In an experiment conducted by Stefania Druga, Cynthia Breazeal, Randi Williams and Mitchel Resnick, published by the MIT Personal Robots Group, the researchers looked at a group of twenty six children ranging in ages from three to ten. These children were divided into groups and told to talk to four different devices: an Amazon Echo, a Google Home, a Cozmo and Julie Chatbot. From these conversations, the researchers learned that 60% of the younger children (ages three or four) thought they were smarter than the Amazon Echo, while 100% of the older children (ages six through ten) thought the Amazon Echo was smarter than them (Breazeal et al.). This is a notion that can be taken into consideration when looking at the ways in which these machines can affect upcoming generations. Although younger children still believe they are smarter than the device, the older children are more aware of the fact that these machines know more than they do. Since the older children are more capable of interacting with the machines, as they are more developed than the younger children, they can take advantage of the knowledge they have noticed from these machines and, from a young age, start having the virtual assistant conduct simple tasks for them. This creates a culture of dependency on the machine to answer questions for homework, for managing different home appliances, and for looking up information. From their research, the authors also found that a majority of the participants thought that the virtual assistants were friendly and trustworthy (Breazeal et al.). This demonstrates that children are very likely to confide in these machines as if they are their friends. As a result, it is probable that they share extensive amounts of information with them, which can in turn lead the large corporations that own the assistants to hold onto great amounts of information about young children and those they associate themselves with.
As virtual assistants continue developing into the future, they can very much look a lot like Samantha in the movie Her directed by Spike Jonze. This film was released in 2013. Two years prior to this, in 2011, Apple came out with their personal digital assistant, Siri. This was the beginning of a revolution. At its start, Siri had limited functions compared to its abilities today. At the time of its release, the movie Her, was seen as something unimaginable. Who would spend the day speaking to some virtual voice that does not exist? Who would actually depend on this machine to fulfill all of his or her needs? And an even larger question, who would fall in love with a figure that is not even real? Although all of these things seemed like an exaggeration in 2013, six years later, a lot of these situations could actually happen in real life. The extent of the tasks virtual assistants can complete today make them seem like they are a real person. Adding on to this, with the creation of Apple’s AirPods, people can walk around requesting for Siri to conduct any task for them by just saying her name.
At the rate technology is developing, we are at the brim of becoming a society dependent on our virtual assistants to please us, just as the world in Her was. David Burden and Maggi Savin- Baden look at this in depth as they discuss the future of virtual assistants in their book, Virtual Humans Today and Tomorrow. Throughout their text they look into how these machines could potentially affect our future world. The authors reference these digital assistants by pointing out that “Amazon Echo/Alexa, Google Home and other variations of the ‘intelligent speaker’ or ‘smart house assistant’ have begun their invasion of our homes,” and by mentioning “As Siri and Cortana on mobile phones continue to develop, those living within a developed country will be constantly in reach of a virtual human performing the role of a personal assistant” (Burden and Savin-Baden 250). Here they make it clear that both the in-home and mobile assistants are beginning to define the world around us, and that these machines are going to continue developing and making an even greater impact on our lives. They discuss the possibility of uploading a brain to a computer and replicating the human mind in the form of a device, making these machines much more capable than they are now. If this were to happen, digital assistants could also likely become part of the economic and social capital of our world. In addition, the authors predict that between 2050 and 2100, there will be one virtual assistant for every five real humans (Burden and Savin-Baden 251). Noting the points stated above makes it evident that the potential intense development of virtual assistants throughout the next century, can change the way our society works entirely.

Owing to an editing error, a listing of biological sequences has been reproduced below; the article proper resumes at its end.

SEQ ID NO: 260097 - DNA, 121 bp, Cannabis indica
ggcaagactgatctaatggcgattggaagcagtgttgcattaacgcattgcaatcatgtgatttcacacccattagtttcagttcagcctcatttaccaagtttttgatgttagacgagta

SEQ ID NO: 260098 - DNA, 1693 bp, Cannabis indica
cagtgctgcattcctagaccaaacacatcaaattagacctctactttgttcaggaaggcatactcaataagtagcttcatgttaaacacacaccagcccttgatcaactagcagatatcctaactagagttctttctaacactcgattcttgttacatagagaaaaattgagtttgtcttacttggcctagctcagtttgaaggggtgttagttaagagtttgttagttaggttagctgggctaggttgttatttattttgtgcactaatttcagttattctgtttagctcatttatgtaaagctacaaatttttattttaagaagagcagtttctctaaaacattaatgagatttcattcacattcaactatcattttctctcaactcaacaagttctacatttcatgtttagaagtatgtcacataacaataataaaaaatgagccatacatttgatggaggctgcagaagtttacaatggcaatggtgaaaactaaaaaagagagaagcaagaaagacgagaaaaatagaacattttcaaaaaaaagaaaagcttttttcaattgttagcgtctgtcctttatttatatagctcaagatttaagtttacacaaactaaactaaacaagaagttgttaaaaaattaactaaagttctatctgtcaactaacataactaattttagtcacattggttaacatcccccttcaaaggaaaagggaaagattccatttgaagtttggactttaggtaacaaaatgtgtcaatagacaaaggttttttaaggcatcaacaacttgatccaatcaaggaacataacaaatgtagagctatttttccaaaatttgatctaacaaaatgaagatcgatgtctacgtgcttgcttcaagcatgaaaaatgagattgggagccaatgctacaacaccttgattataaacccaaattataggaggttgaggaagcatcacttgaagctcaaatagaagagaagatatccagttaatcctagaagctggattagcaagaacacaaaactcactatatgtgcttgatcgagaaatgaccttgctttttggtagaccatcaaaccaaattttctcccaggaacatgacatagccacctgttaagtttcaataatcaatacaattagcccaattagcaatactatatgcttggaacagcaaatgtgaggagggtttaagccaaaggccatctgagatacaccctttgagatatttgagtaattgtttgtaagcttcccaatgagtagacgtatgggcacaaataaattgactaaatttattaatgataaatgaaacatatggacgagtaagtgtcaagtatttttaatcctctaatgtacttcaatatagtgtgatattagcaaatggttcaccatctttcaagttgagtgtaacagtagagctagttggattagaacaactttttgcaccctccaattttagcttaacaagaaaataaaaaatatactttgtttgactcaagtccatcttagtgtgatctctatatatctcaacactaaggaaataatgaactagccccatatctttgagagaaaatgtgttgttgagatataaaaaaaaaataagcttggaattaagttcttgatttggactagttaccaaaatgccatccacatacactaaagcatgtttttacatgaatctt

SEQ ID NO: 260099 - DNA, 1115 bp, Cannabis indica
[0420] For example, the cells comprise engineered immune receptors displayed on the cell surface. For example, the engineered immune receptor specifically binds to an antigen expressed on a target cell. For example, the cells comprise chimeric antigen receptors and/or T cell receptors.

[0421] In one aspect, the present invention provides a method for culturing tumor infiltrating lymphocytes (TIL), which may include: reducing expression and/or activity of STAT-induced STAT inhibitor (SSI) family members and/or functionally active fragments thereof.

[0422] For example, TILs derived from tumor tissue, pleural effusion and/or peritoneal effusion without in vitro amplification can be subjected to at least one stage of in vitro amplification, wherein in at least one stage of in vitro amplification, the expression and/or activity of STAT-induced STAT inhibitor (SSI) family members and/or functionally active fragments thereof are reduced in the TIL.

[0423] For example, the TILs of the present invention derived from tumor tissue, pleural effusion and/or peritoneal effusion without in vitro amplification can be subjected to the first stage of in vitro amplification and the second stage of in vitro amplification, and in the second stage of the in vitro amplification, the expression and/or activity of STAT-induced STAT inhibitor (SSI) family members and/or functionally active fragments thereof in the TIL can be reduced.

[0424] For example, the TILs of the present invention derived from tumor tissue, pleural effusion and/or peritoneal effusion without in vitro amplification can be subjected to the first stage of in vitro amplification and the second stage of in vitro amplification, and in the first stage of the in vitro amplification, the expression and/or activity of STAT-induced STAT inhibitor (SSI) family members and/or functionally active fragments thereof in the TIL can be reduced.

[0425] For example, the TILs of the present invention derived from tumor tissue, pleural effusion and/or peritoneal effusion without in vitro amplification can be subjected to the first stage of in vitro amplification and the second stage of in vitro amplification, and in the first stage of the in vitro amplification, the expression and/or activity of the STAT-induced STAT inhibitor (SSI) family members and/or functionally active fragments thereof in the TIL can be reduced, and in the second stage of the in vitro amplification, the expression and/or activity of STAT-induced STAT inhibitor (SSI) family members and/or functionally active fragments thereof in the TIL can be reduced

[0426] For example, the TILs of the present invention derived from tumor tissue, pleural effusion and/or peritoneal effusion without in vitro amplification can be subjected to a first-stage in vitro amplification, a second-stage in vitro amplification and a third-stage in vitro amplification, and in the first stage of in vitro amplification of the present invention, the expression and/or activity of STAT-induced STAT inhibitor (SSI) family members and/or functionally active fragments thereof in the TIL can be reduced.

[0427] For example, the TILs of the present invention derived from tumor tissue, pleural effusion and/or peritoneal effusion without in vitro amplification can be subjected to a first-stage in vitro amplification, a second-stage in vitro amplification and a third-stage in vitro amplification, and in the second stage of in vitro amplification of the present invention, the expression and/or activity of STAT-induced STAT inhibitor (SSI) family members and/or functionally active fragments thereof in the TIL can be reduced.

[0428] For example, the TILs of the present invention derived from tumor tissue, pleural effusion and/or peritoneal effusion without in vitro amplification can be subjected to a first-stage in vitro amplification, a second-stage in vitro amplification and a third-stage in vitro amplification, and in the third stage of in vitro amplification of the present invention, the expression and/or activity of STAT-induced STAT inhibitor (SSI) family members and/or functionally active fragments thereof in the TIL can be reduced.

It is important to acknowledge this rapid evolution of technology today. The way innovations change from one year to another is astonishing. Looking at digital voice assistants, this technological development becomes notable. As mentioned previously, the digital voice assistant began as a program on a mobile device that was able to conduct a limited amount of tasks, those of which mostly pertained to the cell phone (reading text messages, making phone calls, conducting emails…). Yet as technology has continued to develop during the past two years, leading companies have diverted from the original mobile phone digital assistant to create separate digital assistant products. Digital assistants such as the Amazon Echo and Google Home, have the ability to answer more commands than the mobile device assistant. Due to the convenience these machines bring to us as twenty first century technology users, and their continuous technological advancement providing them the ability to do more, they have become immensely popular amongst digital technology consumers, and have the potential to take over the society we live in today.
“46% of Americans Use Digital Voice Assistants.” Pew Research Center, https://www.pewresearch.org/fact-tank/2017/12/12/nearly-half-of-americans-use-digital-voice-assistants-mostly-on-their-smartphones/ft_17-12-07_voiceasst_users/
Breazeal, C., Druga, S., Resnick, M. and Williams, R. “‘Hey Google is it OK if I Eat You?’” Initial Explorations in Child-Agent Interaction.” MIT Personal Robot Group. http://robotic.media.mit.edu/wp-content/uploads/sites/7/2017/06/idcwp0180-drugaACR.pdf pdf. June 2017.
Burden, David, and Maggi Savin-Baden. Virtual Humans: Today and Tomorrow. CRCPress, Taylor & Francis Group, 2019.
Ezrachi, Ariel and Maurice E. Stucke. “How Digital Assistants Can Harm Our Economy, Privacy and Democracy.” vol. 32, iss. 3, 2017. Berkeley Technology Law Journal. https://doi.org/10.15779/Z383B5W79M
O’Flaherty, Kate. “Amazon Staff Are Listening to Alexa Conversations— Here’s What to Do.” Forbes.com, https://www.forbes.com/sites/kateoflahertyuk/2019/04/12/amazon-staff-are-listening-to-alexa-conversations-heres-what-to-do/#42eaa6b71a22. Accessed 16 November 2019.
Woods, Heather Suzanne. “Asking More of Siri and Alexa: Feminine Persona in Service of Surveillance Capitalism.” Critical Studies in Media Communication, vol. 35, iss. 4, 2018, https://doi.org/10.1080/15295036.2018.1488082. Accessed 4 November 2019.